Air conditioning accounts for as much as 20 percent of the average homeowner's utility bill. These simple tips can help you reduce your mechanical cooling needs, meaning more money for you and better-quality air for the world.
In my quest for the most energy efficient ceiling fan, one model blows the rest away. Now is the time to install ceiling fans for lower electricity bills this summer—here's how.
Keep your home cool without air conditioning! Try these five ways to lower your home’s temperature—and utiliy bills—naturally.
Matt and Kelly Grocoff keep cool in Michigan by taking advantage of their 110-year-old home's natural ventilation strategies. It's as easy as opening a couple of strategically placed windows.
This home in the Florida Keys stays cool by capturing prevailing breezes and taking advantage of passive cooling techniques such as open, screened walls and a reflective roof.
These three homes--in Florida, North Carolina and South Carolina--use passive cooling techniques to eliminate the need for mechanical air conditioning. Check them out and learn a few tricks for reducing--or eliminating--your AC bills this summer.
When a group of graduation students began designing a home on the Navajo reservation in southeast Utah, they knew keeping it cool in the desert would be an issue. Their innovative solution—a Windcatcher—is the first of its kind in the area.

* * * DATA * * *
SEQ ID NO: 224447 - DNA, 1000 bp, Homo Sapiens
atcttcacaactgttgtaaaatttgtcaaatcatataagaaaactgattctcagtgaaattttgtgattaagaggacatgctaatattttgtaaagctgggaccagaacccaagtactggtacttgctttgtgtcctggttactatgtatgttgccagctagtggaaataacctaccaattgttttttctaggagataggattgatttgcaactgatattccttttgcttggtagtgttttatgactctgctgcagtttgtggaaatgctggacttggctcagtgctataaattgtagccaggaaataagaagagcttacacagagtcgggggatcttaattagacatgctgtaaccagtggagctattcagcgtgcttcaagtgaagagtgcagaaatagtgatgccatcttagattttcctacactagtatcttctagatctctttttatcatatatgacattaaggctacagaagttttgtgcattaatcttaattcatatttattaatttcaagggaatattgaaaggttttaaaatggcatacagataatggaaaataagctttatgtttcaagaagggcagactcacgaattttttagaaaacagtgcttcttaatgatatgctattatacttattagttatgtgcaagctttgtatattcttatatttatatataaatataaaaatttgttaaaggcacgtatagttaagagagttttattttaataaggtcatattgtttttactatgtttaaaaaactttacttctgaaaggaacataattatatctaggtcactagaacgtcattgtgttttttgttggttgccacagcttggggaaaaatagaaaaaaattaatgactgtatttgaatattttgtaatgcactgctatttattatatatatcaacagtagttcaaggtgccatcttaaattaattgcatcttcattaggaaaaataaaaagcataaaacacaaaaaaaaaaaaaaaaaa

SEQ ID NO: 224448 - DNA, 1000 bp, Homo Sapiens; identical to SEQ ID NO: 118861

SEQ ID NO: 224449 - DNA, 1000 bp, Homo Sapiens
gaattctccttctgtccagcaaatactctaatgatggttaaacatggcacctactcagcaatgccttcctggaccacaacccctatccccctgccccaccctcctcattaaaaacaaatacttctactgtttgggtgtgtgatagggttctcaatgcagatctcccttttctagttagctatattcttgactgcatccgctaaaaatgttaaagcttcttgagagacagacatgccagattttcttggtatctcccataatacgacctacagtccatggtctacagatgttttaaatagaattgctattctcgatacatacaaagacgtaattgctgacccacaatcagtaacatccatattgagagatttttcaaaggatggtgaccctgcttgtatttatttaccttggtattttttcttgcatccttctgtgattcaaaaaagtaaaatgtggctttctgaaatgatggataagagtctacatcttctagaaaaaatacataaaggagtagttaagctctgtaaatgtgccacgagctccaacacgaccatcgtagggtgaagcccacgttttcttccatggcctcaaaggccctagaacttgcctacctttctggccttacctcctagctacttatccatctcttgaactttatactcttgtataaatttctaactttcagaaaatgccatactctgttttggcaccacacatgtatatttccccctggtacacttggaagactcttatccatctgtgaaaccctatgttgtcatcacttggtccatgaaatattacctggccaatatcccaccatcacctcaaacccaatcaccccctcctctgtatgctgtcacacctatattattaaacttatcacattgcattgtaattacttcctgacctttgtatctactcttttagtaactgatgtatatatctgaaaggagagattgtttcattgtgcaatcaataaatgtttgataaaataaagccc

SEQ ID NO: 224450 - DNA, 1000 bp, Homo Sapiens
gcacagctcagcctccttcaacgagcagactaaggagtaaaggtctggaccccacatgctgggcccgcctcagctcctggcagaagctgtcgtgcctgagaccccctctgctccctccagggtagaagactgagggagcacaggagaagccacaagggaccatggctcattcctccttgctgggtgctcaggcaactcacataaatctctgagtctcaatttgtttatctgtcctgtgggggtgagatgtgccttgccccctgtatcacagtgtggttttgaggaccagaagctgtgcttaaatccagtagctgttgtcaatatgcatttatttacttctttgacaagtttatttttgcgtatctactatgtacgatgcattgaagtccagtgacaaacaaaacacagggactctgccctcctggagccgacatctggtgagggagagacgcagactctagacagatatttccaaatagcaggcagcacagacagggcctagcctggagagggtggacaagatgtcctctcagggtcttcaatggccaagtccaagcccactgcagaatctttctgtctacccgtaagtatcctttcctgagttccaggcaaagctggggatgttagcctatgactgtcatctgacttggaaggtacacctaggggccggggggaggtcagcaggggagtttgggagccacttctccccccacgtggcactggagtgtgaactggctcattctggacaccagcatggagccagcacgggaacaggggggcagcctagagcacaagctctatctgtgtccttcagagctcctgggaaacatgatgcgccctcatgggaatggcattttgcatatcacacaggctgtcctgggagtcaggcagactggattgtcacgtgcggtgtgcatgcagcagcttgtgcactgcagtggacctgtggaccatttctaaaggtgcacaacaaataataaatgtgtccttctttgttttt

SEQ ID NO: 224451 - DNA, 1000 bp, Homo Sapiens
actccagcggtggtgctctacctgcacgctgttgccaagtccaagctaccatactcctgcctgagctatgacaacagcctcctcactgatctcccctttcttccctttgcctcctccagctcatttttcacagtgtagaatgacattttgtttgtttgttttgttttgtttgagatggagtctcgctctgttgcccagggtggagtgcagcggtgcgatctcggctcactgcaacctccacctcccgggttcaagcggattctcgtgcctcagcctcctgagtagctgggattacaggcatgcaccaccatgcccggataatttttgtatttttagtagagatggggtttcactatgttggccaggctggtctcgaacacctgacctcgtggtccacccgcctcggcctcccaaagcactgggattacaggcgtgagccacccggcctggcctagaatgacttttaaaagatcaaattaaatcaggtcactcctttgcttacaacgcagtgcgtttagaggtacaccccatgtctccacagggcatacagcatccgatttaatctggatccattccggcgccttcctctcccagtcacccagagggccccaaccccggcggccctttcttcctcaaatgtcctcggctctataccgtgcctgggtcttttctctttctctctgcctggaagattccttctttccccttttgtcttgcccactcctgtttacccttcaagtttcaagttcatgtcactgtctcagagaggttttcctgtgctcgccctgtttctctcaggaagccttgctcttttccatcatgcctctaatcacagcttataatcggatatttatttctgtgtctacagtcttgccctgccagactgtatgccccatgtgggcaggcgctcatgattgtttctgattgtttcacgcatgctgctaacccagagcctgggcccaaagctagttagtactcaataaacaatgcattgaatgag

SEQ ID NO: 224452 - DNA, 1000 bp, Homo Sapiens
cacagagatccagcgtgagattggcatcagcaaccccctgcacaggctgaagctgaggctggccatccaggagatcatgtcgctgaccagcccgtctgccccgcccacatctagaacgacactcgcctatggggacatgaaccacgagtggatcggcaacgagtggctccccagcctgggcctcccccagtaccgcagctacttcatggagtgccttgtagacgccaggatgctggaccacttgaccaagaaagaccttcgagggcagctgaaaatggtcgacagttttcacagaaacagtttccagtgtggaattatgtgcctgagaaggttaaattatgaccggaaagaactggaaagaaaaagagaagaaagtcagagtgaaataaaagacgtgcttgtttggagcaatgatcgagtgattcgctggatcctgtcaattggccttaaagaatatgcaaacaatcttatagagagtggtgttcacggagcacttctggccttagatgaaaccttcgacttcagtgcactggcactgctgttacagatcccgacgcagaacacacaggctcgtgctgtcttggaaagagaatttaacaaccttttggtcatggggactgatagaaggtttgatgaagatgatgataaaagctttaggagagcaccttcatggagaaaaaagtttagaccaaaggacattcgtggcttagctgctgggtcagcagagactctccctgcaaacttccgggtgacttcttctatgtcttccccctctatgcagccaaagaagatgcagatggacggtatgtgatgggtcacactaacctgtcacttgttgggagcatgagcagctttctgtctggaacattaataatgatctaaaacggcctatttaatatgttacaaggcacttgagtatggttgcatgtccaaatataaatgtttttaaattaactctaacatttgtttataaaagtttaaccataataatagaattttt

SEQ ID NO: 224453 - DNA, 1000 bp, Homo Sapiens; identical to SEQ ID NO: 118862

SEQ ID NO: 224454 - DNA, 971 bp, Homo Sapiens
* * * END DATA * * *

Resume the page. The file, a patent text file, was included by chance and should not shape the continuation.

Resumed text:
Chia Seed Drink: Try this deliciously soothing and refreshing cooler recipe made with chia seeds, ripe berries, and hibiscus flowers.
If night sweats are causing you to lose sleep and costing you more on your air-conditioning bill, consider a Bedfan.
Guest blogger KyLynn Hull shares a creative project to display favorite old family recipes with pictures the people who made them.
Keep warm with hand-knitted scarves, hats and hand warmers from Icebox Knitting’s two lines of products made from upcycled materials.
Beat the heat with these mint-infused beverages.
Beside the fact that the blooming "Corpse Flower" smells like, well, a rotting corpse, it's still quite the event.
It’s never too early to start thinking about planting your garden for the spring. I know I am already thinking about spring and warm weather. Spring officially starts Sunday, March 20th and it’s important to know when it is the right time to purchase your flowers and begin the planting process.
Natural Home guest blogger John Patrick explains why he and his wife, guest blogger Rebecca Selove, designed their sustainable Tennessee farmhouse for passive solar gain and a 5.17-kilowatt photovoltaic system. John and Rebecca are building their sustainable Tennessee farmhouse home to LEED Platinum standards.